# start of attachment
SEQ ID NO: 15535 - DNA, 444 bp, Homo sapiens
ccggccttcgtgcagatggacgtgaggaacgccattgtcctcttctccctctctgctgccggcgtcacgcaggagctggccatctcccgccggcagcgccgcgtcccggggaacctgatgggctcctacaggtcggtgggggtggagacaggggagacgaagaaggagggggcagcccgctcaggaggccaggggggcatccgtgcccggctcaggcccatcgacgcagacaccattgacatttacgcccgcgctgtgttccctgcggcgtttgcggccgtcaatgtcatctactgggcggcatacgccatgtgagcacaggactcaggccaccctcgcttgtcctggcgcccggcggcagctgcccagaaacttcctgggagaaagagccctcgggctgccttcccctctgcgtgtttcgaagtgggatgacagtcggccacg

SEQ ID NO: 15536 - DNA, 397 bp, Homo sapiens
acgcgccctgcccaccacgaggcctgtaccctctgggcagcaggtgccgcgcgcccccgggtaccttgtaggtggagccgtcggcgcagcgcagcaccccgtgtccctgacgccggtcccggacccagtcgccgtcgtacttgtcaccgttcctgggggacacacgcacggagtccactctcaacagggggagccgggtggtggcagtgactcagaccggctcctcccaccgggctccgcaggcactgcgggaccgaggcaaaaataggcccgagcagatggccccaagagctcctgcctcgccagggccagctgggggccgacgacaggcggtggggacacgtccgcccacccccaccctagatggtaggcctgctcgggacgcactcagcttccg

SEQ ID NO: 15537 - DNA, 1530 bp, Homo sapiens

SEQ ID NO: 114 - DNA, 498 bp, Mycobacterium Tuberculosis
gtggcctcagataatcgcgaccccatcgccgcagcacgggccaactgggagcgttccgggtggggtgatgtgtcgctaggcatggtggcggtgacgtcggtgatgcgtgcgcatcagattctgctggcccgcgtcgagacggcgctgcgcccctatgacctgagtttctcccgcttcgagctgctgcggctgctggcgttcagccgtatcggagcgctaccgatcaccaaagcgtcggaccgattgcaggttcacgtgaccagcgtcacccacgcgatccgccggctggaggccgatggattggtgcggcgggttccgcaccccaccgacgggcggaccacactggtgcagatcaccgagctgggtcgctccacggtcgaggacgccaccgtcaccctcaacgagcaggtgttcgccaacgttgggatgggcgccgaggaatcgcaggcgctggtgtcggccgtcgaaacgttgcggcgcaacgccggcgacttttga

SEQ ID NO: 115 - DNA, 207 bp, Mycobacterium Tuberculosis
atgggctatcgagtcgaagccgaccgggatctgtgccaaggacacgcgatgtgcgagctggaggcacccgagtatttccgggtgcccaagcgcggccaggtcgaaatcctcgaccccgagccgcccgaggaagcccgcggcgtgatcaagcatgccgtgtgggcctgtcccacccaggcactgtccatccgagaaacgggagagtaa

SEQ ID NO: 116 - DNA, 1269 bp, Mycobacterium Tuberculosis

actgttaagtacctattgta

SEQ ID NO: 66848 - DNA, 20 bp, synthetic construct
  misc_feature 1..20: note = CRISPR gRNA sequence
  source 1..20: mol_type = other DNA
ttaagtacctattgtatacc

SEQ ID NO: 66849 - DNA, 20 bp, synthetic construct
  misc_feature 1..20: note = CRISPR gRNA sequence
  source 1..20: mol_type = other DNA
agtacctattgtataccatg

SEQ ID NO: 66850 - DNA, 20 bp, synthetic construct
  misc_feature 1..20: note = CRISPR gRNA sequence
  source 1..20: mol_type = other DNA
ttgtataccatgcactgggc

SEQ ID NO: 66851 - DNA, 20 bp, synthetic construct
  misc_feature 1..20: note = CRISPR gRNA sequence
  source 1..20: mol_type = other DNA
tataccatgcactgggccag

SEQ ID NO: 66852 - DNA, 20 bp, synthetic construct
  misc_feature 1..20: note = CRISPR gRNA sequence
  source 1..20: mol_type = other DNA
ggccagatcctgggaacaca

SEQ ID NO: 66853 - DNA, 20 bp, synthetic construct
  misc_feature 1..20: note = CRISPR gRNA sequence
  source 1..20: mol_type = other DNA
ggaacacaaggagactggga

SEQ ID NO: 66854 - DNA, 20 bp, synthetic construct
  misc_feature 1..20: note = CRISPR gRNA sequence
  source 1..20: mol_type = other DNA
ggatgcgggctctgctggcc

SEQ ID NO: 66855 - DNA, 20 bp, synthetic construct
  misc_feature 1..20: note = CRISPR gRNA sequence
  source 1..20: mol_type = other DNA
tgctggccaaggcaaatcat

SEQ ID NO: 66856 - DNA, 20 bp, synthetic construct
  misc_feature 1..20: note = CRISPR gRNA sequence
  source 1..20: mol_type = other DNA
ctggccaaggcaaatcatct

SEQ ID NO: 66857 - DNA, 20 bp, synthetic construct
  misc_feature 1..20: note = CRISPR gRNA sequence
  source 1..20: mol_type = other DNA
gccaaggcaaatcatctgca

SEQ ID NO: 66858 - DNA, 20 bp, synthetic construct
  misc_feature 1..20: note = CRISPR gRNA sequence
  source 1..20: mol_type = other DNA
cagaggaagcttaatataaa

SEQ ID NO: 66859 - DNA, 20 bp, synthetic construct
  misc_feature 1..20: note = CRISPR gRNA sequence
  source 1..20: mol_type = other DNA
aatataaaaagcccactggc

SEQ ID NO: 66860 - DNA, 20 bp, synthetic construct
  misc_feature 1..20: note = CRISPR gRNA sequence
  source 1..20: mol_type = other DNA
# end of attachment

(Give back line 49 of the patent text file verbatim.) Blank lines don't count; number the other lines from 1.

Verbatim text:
  misc_feature 1..20: note = CRISPR gRNA sequence